Having ovarian cancer and remitting treatment can affect your fertility. Ovaries produce eggs, along with the female hormone oestrogen and progesterone. There are several ways through which ovarian cancer can affect your ability to have children in the future. Cancerous tumours can damage your ovaries and your ability to produce eggs. You may need to have one or both ovaries removed. Chemotherapy and radiation can also trigger early menopause. Menopause is when the ovaries stop producing hormones and women periods stops. Usually, it happens when women are about 50. Having both ovaries removed by an operation will cause the menopause. Similarly, ovarian cancer treatment may result in the removal of both ovaries and fallopian tubes and uterus. This means you won’t be able to become pregnant naturally but you may still have other options.
Women can get pregnant after she has ovarian cancer in certain conditions depending on the stage and if they still have one ovary or frozen eggs and the uterus. Your fertility after ovarian cancer depends on a few factors according to American Cancer Society, in addition to the stage of cancer your age at the time of treatment, radiation, surgery or chemotherapy are the factors involved after surviving ovarian cancer.
What to do if you have just been detected with ovarian cancer?
If you have just been diagnosed with ovarian cancer, then discuss freezing ovarian tissue or eggs. This may improve the chances of becoming mother once you have completed treatment. Sometimes only one ovary is involved or you have a germ cell tumour of the ovary, it might be possible to pressure the uterus and the unaffected ovary, may remain fertile. However, chemotherapy may damage your remaining ovary or increase your risk of an earlier menopause.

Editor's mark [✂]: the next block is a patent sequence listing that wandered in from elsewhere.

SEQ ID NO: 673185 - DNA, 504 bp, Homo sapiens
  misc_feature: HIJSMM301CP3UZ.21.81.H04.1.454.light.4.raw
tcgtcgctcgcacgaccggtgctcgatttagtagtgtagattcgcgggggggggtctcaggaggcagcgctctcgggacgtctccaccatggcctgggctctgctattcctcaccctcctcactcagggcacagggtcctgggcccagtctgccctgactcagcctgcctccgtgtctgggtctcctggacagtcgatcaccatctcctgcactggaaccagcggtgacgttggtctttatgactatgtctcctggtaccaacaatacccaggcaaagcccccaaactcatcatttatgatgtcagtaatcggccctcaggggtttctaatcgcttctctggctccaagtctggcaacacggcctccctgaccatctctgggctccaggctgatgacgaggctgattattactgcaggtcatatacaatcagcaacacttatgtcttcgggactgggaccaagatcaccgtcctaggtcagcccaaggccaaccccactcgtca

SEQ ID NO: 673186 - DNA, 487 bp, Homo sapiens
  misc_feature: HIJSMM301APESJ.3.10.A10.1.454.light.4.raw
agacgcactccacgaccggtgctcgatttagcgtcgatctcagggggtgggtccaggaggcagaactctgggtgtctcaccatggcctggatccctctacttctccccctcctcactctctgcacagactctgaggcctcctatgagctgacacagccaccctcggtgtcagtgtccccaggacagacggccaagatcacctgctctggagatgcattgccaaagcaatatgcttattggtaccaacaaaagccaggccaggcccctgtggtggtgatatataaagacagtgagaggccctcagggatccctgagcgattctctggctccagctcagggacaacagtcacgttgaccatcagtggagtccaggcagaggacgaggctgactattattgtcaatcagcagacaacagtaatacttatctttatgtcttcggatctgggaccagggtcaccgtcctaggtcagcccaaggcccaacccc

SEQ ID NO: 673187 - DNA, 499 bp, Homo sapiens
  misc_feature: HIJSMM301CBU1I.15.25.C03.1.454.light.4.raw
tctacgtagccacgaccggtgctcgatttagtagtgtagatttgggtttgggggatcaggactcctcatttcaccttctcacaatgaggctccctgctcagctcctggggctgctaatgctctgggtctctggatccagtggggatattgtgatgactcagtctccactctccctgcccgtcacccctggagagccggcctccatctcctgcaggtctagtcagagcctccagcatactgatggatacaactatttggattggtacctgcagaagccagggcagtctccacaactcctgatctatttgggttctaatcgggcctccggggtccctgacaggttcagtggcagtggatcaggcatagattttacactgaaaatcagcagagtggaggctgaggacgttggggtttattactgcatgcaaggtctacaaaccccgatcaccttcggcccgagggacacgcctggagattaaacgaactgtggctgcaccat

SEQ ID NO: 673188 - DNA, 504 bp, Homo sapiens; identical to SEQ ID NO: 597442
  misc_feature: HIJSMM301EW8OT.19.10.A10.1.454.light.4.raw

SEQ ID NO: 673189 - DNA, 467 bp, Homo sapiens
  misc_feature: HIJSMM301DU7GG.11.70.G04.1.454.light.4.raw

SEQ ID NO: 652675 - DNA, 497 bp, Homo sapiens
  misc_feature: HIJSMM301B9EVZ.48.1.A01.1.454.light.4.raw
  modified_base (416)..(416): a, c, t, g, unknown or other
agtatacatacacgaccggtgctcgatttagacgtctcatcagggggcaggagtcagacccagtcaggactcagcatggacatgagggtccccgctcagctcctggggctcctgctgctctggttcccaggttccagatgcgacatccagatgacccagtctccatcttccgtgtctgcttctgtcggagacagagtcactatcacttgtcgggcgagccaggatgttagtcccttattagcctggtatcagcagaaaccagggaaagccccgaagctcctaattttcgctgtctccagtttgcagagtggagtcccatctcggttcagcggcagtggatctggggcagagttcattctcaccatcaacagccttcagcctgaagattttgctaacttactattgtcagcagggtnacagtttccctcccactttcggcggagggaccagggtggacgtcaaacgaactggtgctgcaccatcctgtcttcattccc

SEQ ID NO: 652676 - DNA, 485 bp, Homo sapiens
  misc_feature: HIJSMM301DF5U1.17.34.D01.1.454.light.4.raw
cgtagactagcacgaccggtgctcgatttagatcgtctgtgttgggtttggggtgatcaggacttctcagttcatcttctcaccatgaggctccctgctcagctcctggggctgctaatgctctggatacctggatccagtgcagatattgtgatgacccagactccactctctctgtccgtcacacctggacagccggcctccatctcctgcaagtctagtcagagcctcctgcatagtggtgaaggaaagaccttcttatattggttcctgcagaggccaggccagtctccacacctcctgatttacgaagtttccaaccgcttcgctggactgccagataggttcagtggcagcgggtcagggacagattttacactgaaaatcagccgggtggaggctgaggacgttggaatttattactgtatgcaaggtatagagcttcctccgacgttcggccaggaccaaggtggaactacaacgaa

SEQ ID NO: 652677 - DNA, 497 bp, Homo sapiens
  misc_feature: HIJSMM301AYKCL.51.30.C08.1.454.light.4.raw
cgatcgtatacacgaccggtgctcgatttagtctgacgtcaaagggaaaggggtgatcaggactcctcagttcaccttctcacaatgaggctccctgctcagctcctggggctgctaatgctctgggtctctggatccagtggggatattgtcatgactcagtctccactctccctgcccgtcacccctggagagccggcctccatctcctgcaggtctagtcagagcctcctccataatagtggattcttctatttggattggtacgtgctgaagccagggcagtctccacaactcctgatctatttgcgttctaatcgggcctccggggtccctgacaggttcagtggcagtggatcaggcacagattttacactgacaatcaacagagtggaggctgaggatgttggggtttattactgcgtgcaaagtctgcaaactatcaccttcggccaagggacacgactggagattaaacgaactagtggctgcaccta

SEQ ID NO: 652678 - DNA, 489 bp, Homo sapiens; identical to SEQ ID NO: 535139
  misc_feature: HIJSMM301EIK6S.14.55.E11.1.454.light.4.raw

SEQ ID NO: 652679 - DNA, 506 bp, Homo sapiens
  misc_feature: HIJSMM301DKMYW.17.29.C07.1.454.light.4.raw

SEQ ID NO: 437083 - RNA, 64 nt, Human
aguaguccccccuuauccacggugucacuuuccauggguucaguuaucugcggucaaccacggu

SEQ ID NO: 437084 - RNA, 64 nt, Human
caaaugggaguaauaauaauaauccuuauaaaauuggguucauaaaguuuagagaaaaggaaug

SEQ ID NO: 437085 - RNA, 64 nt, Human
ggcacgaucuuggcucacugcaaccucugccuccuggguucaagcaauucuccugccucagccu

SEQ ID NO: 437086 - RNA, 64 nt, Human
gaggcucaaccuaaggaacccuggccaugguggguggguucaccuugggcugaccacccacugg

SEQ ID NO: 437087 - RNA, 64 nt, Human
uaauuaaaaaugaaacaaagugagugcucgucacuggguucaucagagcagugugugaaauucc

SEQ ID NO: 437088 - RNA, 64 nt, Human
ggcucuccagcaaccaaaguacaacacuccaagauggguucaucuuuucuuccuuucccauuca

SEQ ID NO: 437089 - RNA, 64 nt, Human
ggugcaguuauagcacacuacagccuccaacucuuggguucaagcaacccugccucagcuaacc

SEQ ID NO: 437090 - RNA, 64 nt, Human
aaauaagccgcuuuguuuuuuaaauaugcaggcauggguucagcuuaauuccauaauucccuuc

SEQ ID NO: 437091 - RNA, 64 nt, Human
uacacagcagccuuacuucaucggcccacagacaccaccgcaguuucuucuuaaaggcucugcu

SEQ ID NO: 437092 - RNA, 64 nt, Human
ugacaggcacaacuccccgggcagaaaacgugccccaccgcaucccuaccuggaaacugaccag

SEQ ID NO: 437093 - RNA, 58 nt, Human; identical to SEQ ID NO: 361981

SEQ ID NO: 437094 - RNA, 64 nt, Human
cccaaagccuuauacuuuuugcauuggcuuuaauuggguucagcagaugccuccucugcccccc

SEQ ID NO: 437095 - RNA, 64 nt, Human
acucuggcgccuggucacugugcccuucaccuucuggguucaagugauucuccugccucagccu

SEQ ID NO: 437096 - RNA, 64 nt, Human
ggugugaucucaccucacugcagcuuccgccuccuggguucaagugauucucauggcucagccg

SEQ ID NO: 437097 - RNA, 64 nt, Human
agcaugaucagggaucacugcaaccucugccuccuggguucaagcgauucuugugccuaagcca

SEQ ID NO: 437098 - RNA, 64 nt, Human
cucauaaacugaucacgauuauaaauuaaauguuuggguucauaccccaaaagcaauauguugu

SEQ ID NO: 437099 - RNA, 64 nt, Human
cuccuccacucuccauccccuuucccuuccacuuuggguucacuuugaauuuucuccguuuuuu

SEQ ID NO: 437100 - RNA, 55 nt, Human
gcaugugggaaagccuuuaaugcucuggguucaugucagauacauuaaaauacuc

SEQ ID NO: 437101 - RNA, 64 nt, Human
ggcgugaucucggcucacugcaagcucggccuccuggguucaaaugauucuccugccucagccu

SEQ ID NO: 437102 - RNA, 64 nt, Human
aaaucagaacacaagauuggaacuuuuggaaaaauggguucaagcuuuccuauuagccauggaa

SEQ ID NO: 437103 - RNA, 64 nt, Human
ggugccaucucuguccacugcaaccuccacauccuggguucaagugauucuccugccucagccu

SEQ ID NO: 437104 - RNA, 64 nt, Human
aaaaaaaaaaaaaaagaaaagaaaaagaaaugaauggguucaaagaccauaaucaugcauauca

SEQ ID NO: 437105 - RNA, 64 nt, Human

But the main priority for your treatment is to save your life. It is important to talk about your fertility needs before treatment starts in order to help you and your partner and your doctor’s team. Plan the most appropriate treatment.
Other options for patients planning a family and suffering from Ovarian Cancer:
IVF – If you did not have a total hysterectomy as a part of your treatment it may be possible to do OVF. IVF is the process in which eggs are fertilized by sperm from your partner or donor and then placed in to your womb.
Other options – If you had a total hysterectomy done after discussion with your partner, family and cancer team and fertility specialist, then you have to see other options that are surrogacy. Surrogacy is where another woman carries your baby through pregnancy for you. In this embryo is created from your partner or a donor and egg is taken from you or donor is placed inside the uterus of your surrogate.
Adoption – In this, you would assume parenting a child from the child biological parents. All rights and responsibilities are transferred permanently to the adopting parents.